In total, the review included data from more than 169,500 participants.

Most of the studies surveyed the general population, while several included people with mental health conditions. Some of the studies gathered information from participants with physical or chronic health conditions, pregnant people, or those who had recently undergone surgery.

Based on their analysis, the team concluded that, contrary to smokers and some practitioners’ fears, quitting smoking compared with not quitting did not worsen depression, anxiety, and symptoms of stress.

The review also found some evidence that quitting smoking promoted positive feelings and mental well-being. The team concluded that stopping may even have a small positive effect on social well-being.

A sub-analysis of three studies showed a pooled reduced likelihood of 24% in developing mixed anxiety and depression in the future and, based on two studies, a 44% reduced chance of developing anxiety alone. The studies on future diagnoses of depression were too dissimilar to calculate a summary result.

Limitations

It is worth noting that the team had high confidence in the overall finding that quitting tobacco does not worsen mental health symptoms.

However, they were less confident in their results regarding the mental health benefits of stopping smoking — the calculated likelihood of these findings was very low to moderate.

Their confidence in the link between quitting smoking and improvement in mental health symptoms was very low for depression and low for anxiety.

This is because the studies included in the review used different methods and ways of assessing mental health symptoms, making it harder to combine the results. The authors also note that certain studies had limitations and design flaws.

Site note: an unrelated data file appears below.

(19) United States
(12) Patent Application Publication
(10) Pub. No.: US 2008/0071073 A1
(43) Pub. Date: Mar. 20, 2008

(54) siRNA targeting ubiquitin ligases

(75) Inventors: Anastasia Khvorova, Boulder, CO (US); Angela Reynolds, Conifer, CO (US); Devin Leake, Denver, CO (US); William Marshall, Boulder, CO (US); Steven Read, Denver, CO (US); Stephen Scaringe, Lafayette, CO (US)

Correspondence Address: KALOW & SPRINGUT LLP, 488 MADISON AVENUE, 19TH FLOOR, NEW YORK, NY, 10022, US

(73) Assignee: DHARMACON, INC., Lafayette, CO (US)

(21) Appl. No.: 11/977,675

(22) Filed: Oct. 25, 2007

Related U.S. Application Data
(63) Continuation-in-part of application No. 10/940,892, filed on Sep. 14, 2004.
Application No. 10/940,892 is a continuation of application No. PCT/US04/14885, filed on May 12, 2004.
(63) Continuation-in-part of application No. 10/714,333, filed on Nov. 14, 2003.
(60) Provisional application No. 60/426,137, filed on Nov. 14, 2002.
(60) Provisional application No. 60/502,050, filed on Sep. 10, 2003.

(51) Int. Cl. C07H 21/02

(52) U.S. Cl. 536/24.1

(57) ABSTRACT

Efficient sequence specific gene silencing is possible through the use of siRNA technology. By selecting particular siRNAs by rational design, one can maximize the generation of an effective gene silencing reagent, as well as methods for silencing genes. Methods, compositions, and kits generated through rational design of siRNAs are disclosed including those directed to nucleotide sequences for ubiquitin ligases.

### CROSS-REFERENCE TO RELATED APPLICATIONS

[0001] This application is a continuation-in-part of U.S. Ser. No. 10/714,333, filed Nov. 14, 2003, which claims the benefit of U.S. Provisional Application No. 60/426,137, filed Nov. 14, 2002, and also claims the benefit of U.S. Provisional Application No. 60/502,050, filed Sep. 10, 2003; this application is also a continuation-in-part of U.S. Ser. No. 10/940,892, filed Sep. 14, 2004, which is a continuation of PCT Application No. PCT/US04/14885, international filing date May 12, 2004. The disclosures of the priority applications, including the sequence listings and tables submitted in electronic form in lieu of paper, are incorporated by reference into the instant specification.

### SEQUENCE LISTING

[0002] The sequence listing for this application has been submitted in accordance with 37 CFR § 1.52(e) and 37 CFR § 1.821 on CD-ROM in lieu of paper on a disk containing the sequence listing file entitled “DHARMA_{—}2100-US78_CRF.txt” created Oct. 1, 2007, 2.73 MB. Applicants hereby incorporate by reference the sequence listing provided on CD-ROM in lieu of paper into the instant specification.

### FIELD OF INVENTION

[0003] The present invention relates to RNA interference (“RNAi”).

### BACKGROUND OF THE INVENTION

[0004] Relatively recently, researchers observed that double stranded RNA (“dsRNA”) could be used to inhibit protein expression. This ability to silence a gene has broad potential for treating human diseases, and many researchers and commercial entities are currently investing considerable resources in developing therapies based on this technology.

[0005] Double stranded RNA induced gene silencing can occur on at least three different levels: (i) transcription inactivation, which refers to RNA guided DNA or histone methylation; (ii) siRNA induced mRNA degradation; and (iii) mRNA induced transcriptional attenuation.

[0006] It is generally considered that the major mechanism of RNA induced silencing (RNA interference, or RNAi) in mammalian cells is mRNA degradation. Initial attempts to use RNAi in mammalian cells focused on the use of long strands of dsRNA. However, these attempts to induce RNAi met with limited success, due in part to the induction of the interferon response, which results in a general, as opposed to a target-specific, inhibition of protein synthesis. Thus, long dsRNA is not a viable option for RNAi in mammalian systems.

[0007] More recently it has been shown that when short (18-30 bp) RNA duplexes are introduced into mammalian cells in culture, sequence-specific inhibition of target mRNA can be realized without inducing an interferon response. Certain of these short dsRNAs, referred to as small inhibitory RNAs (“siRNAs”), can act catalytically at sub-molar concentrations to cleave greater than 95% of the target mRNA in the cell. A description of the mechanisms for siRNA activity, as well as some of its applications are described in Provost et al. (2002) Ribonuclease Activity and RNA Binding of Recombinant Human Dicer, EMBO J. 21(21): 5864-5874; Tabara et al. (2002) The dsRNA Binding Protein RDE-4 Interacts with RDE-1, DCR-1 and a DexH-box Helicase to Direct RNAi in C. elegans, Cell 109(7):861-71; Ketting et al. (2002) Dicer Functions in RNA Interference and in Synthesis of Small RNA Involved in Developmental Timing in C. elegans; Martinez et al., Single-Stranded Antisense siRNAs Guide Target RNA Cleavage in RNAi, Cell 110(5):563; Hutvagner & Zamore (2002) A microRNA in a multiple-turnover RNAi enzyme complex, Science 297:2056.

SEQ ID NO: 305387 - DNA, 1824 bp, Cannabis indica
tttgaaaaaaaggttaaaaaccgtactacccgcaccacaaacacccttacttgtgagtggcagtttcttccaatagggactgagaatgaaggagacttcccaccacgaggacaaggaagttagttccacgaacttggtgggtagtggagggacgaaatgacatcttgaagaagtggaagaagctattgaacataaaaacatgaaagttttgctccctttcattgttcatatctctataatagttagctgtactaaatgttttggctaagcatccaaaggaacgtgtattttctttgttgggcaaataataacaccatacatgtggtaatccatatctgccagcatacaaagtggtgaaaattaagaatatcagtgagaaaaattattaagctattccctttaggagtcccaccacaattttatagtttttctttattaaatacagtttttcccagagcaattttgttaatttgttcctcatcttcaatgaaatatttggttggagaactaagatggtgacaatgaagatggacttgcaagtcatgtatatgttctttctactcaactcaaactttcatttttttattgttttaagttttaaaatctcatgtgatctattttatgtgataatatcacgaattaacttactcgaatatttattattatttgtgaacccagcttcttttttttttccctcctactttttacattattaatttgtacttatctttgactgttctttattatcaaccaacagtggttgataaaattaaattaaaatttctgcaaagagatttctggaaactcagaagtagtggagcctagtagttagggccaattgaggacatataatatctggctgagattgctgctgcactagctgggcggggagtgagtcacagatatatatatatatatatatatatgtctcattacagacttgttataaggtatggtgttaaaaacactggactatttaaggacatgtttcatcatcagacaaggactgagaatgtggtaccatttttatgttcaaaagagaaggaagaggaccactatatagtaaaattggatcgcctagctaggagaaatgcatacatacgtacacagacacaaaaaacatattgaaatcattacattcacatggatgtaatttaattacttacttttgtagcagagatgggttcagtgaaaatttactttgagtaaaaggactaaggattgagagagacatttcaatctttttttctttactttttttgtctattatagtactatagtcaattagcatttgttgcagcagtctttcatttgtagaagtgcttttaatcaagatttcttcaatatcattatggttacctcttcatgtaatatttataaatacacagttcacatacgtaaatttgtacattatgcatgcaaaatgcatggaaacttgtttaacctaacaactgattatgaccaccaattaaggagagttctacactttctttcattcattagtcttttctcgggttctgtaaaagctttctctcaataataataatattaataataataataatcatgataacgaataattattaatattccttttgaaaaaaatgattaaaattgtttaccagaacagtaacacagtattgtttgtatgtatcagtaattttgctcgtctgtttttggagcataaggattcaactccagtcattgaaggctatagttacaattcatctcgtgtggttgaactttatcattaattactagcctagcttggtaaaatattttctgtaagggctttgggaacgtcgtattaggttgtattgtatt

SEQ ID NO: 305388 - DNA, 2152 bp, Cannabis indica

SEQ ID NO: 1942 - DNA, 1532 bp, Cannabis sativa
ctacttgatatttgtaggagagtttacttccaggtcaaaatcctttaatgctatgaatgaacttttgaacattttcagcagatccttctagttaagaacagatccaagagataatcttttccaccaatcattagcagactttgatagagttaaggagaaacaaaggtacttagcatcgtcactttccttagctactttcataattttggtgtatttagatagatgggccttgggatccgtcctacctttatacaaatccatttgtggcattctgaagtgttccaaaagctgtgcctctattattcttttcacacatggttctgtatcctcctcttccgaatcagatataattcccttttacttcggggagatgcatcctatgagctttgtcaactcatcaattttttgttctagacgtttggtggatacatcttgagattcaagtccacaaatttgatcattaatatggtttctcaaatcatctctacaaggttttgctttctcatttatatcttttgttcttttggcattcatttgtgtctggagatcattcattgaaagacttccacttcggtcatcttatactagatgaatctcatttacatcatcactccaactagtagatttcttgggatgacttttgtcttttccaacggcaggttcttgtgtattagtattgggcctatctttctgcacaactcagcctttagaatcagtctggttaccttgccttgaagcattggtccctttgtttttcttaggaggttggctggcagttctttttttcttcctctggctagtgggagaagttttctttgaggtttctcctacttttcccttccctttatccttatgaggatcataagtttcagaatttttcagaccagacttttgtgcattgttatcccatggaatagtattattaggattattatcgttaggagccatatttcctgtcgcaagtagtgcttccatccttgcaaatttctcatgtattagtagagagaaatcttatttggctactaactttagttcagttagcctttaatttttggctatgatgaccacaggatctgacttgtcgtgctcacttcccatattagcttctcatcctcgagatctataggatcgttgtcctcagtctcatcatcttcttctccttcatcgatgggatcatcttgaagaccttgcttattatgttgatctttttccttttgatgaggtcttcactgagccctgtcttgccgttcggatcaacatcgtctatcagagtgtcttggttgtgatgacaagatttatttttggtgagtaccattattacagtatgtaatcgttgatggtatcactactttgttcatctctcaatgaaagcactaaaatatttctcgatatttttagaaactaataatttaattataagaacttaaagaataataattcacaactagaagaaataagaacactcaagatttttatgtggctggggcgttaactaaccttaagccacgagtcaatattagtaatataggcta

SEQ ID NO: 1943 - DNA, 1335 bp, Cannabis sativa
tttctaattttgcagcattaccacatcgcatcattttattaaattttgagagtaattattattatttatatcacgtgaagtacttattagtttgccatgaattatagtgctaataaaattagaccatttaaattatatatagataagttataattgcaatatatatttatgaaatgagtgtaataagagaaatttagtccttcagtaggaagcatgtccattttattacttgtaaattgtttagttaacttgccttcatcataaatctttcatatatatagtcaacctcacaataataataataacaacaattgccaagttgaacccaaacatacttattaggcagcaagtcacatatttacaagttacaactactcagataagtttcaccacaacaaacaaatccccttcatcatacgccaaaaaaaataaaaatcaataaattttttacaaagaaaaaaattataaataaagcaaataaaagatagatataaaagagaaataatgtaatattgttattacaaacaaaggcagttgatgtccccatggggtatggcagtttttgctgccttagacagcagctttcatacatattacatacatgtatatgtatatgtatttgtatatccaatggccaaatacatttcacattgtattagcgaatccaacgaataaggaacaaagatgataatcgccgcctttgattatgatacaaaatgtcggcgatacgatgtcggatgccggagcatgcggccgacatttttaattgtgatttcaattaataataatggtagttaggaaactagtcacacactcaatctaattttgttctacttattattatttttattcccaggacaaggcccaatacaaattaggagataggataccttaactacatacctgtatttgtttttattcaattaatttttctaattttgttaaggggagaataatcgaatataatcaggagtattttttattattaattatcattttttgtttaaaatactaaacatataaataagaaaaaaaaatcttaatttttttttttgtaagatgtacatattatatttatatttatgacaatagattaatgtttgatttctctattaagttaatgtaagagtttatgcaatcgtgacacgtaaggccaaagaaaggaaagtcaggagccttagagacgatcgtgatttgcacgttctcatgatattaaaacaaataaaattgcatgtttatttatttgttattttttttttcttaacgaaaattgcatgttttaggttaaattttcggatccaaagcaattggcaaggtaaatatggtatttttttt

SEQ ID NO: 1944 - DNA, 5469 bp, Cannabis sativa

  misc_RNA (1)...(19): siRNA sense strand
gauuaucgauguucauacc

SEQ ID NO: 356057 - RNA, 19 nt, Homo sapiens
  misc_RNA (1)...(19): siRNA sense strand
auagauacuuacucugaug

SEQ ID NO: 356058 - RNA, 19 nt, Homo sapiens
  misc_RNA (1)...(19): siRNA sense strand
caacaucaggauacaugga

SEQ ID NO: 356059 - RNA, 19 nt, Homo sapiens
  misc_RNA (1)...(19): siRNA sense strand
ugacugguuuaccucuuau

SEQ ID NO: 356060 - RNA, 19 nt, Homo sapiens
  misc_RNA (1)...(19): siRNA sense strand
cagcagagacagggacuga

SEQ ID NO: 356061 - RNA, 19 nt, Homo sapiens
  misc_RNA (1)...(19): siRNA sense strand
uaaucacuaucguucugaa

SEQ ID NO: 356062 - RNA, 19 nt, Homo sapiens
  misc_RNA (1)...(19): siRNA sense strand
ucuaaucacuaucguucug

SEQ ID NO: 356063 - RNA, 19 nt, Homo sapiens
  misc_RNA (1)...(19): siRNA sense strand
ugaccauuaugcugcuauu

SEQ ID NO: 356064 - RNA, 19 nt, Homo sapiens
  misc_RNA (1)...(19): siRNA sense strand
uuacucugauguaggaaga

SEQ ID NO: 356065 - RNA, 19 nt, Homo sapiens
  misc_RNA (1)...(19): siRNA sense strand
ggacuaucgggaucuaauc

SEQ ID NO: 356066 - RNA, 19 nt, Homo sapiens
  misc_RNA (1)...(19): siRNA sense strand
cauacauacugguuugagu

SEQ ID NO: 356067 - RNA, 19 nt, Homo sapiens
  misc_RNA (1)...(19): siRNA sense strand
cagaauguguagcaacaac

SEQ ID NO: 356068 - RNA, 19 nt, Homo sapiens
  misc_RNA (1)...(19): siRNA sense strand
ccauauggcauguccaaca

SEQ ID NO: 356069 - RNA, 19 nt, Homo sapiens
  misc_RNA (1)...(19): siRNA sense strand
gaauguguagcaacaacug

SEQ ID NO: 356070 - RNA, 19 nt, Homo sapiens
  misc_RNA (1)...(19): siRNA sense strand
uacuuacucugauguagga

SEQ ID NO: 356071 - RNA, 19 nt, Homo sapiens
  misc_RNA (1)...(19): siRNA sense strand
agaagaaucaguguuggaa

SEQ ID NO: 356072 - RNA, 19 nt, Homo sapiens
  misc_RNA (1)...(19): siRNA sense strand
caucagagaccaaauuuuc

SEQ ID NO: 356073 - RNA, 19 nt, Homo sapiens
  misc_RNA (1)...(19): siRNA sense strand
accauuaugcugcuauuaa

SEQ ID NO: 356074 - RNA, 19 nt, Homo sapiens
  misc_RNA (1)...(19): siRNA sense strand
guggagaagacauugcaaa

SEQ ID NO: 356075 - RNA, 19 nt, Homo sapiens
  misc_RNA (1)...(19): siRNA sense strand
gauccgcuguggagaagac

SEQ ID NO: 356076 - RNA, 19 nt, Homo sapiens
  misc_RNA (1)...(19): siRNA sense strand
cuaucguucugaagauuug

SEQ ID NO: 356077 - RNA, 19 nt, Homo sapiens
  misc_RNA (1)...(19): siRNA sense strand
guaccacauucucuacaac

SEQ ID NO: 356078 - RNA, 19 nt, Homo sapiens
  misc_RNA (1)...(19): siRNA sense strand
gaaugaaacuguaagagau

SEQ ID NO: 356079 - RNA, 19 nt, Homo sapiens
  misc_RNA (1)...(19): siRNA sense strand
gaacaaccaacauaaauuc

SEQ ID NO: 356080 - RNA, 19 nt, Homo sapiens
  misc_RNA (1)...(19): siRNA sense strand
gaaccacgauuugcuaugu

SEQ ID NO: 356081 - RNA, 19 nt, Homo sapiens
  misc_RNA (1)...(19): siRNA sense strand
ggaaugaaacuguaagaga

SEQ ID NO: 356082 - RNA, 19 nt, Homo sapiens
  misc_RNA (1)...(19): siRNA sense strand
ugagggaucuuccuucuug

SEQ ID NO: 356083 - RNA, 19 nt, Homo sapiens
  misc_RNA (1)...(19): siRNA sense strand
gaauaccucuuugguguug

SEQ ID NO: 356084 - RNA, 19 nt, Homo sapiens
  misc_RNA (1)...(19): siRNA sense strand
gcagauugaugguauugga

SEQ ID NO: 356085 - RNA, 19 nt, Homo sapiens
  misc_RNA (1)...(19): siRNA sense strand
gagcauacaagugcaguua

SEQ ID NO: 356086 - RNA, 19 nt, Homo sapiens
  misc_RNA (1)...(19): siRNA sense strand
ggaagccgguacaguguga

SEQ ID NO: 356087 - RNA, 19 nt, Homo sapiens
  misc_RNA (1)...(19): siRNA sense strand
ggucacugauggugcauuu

The research duration also varied drastically between studies, ranging from 6 weeks to 6 years.

More robust, uniform research is needed to understand the true relationship between mental health, mental health symptoms, and smoking.

During a pandemic may not seem like the time to quit smoking. But now may just be the right time, according to Deborah Arnott, Chief Executive of Action on Smoking and Health.

“After the year we’ve all had, some smokers might feel now is not the time to stop. The opposite is true — put smoking behind you, and a brighter future beckons. Using nicotine replacement, whether patches, gum, or vapes, can help deal with any withdrawal symptoms, which last at most a matter of weeks,” says Arnott.

“Be confident that once you’ve put smoking behind you, not only will you be healthier and wealthier, but you will feel happier too.”

The American Lung Association offer tips for cutting down and quitting smoking successfully. They say that every smoker can quit, and they will help find the technique that works for every individual smoker.

The key to a longer life!

  • Findings from a new observational study support most of the current dietary guidelines on fruits and vegetables.
  • Daily intake of 5 servings of fruits and vegetables was associated with a lower risk of death related to cancer, cardiovascular disease, or respiratory disease.
  • Starchy vegetables and fruit juices, however, did not appear to contribute to the reduction in risk.

For many decades, nutritionists have recommended a balanced diet to provide the body with the proper nutrients to stay healthy. The core components of this diet include vegetables, fruits, grains, proteins, and dairy.

A recent study by researchers at the Harvard T. H. Chan School of Public Health in Boston, MA, provides further evidence for current dietary guidelines and expands on them, finding that consuming at least 2 fruit and 3 vegetable servings on a daily basis may lower the risk of both disease-related death and death from all causes.

Current dietary guidelines

“While groups like the American Heart Association recommend 4–5 servings each of fruits and vegetables daily, consumers likely get inconsistent messages about the recommended amount and which foods to include and avoid,” says Dr. Dong D. Wang, M.D., Sc.D., an epidemiologist and nutritionist at Harvard Medical School and lead author of the study.

The Department of Health and Human Services and the Department of Agriculture published their recommendations in the form of the 2020–2025 Dietary Guidelines for Americans.

According to this set of guidelines, half of the plate for every meal should contain fruits and vegetables.

However, the guidelines also note that more than 80% of people in the United States do not meet this recommendation and should aim to increase their consumption of nutrient-dense foods.

Participant dietary information